Simplfying the Gluten Free Lifestyle
   
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  • Author: Richard Siday, Sports Nutrition Specialist / Trainer
  • Topic: How to Guides
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Tips on preparing Gluten Free Foods.

    Are you on a gluten-free diet and don't know what to buy at the grocery store? Sick of calling food manufacturers to find out if something is gluten-free? Well, help is here!  Obviously, cutting out gluten is a major lifestyle change, but happily, there's no need to write off sandwiches and birthday cake forever.  So here are a few tips toward an independent way of  preparing Gluten Free foods for you, for friends, for life. 

Baking basics
    Anyone who's sampled enough of the wheat-replacement products out there knows what gluten does: It gives elasticity to baked goods that no other single grain can replicate. Without gluten, baked goods can be gummy, leaden lumps, or, as described by one gluten avoider, "tasteless" and "like eating sand." The most satisfying gluten-free recipes employ a mixture of grains, as well as some texturizing ingredients like tapioca, in order to mimic wheat flour and the chewy mouth feel of products made with it. There's no question that baking without gluten can be a challenge.

Avoiding tough dough
    Over beating wheat dough can cause toughness (because the gluten bonds become too strong and elastic). But with gluten-free dough, beating for several minutes is often desirable. It lightens the dough by aerating it.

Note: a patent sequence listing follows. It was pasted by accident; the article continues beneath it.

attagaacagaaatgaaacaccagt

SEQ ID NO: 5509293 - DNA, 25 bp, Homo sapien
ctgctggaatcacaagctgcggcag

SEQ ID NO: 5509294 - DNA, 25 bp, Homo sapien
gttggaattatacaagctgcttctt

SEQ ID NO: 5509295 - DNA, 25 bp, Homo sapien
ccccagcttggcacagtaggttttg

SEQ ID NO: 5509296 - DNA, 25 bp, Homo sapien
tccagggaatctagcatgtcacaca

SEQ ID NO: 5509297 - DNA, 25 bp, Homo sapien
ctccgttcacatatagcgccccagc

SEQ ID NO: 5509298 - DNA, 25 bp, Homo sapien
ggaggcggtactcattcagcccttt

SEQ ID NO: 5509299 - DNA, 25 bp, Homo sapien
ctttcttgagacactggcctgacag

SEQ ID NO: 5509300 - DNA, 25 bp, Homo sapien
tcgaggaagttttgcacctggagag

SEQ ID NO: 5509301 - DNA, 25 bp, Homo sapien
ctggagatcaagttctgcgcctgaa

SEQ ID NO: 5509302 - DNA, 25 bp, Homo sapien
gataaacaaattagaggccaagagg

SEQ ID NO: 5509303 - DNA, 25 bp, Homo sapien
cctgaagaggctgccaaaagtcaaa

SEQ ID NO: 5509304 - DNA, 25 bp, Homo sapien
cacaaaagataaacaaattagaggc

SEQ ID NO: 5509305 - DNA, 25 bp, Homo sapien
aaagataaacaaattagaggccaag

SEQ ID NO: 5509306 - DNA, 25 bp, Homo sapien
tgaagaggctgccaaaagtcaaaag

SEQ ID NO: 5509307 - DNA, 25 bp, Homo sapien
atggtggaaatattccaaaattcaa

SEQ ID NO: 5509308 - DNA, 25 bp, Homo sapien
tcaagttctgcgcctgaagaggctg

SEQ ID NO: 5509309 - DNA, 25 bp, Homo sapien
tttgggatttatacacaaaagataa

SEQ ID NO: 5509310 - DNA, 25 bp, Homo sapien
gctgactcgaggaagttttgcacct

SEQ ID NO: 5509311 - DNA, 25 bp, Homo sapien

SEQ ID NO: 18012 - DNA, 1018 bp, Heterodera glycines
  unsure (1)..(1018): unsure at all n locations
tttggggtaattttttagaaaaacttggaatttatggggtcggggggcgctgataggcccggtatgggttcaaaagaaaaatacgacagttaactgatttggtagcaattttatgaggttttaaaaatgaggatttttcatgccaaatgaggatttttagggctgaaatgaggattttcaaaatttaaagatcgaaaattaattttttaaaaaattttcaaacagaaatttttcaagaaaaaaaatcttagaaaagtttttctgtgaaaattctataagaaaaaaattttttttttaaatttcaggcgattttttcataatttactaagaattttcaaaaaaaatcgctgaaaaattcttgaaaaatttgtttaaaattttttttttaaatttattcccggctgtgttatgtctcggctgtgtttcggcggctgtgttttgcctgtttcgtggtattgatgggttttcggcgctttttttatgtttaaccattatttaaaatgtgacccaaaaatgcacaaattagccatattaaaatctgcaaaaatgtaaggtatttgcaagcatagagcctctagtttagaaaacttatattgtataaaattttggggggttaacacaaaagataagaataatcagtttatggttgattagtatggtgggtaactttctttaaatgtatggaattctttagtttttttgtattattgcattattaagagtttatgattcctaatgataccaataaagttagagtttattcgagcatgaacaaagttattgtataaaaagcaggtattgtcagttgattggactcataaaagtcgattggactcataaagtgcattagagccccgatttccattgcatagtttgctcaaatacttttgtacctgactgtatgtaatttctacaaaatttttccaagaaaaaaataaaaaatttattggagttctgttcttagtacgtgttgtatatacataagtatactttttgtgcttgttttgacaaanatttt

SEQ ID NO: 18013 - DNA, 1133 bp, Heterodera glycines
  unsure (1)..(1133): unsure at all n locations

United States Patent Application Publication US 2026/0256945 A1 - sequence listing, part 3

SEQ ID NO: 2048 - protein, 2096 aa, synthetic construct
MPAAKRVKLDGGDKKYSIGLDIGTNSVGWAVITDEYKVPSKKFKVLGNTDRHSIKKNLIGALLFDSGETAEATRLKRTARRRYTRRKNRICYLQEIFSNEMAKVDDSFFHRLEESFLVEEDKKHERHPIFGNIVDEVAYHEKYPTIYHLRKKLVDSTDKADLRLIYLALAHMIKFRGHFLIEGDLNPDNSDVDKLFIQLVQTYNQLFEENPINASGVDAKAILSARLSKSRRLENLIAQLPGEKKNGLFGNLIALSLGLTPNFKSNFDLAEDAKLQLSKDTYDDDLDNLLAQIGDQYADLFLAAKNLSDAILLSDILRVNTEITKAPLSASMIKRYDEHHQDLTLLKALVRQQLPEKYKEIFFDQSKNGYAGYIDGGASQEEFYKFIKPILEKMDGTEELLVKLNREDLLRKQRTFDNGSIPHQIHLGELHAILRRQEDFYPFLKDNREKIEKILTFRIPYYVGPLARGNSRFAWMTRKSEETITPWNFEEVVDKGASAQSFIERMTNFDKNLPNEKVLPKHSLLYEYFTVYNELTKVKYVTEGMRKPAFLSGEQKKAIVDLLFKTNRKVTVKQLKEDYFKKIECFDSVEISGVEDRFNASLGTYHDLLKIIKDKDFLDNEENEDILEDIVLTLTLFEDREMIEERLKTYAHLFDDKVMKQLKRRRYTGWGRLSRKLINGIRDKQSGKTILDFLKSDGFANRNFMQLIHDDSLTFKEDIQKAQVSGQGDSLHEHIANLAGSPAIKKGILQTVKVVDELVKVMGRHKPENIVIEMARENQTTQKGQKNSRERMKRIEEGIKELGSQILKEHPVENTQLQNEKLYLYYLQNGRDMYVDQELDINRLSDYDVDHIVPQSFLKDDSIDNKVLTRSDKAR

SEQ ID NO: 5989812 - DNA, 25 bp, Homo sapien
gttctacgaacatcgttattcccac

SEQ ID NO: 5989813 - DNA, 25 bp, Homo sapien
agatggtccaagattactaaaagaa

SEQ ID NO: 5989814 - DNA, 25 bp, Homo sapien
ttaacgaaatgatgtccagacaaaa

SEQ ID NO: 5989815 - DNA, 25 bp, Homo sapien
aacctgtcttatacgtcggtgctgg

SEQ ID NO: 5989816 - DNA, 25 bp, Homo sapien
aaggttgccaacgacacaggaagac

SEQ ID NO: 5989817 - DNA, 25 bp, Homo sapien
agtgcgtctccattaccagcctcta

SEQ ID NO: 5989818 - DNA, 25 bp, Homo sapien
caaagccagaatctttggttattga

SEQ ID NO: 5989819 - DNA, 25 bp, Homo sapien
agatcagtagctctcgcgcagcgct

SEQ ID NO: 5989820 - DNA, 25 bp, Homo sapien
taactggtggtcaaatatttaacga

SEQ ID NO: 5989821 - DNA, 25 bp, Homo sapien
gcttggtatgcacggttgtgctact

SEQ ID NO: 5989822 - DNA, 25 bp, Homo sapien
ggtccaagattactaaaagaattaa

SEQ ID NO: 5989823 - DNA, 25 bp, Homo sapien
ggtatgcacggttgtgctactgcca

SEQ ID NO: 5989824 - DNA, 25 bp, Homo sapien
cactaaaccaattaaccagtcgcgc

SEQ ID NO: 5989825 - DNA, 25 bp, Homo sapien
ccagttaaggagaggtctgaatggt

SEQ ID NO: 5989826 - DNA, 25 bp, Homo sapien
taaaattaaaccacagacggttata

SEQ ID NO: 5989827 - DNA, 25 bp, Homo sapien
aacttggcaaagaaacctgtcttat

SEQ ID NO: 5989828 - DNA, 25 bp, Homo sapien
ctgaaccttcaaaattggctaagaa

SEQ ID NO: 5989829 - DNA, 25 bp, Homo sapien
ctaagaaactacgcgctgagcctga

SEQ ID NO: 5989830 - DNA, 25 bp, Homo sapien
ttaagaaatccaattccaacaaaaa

Sticky situations
    Wet or oiled hands are often the best nonstick utensil when working with gluten-free doughs and batters, which can get very sticky — they don't have the body and sheen of wheat dough.

Creating crispness
    Gluten-free baked goods can become mushy if the recipe emits too much steam while cooking — gluten-free doughs are often moist, so this can happen easily. Pizza stones help remedy this and are essential for baking crisp breads and pizza crust. Another method is to remove breads from their loaf pans when they are firm enough to hold their shape (about two-thirds of the way through baking) and then finish baking on the oven rack or a preheated pizza stone. In addition, baking breads in smaller loaf pans encourages a higher rise and more tasty crust.

Balancing flavors
    Recipes calling for a blend of flours tend to have a more balanced flavor than those that rely on one type. Experiment and taste as you cook to learn the flavors that different flours contribute.

Beware of flying flour
    If you make wheat recipes in the same kitchen as wheat-free ones, devote a cabinet and set of tools to gluten-free cooking and keep surfaces thoroughly clean.

Preserving freshness
    Many gluten-free flours, including those made with legumes, nuts and whole grains, are higher in fat than regular flour so can spoil easily. Check expiration dates and store flours that contain fat in the freezer to prolong freshness.

 

 

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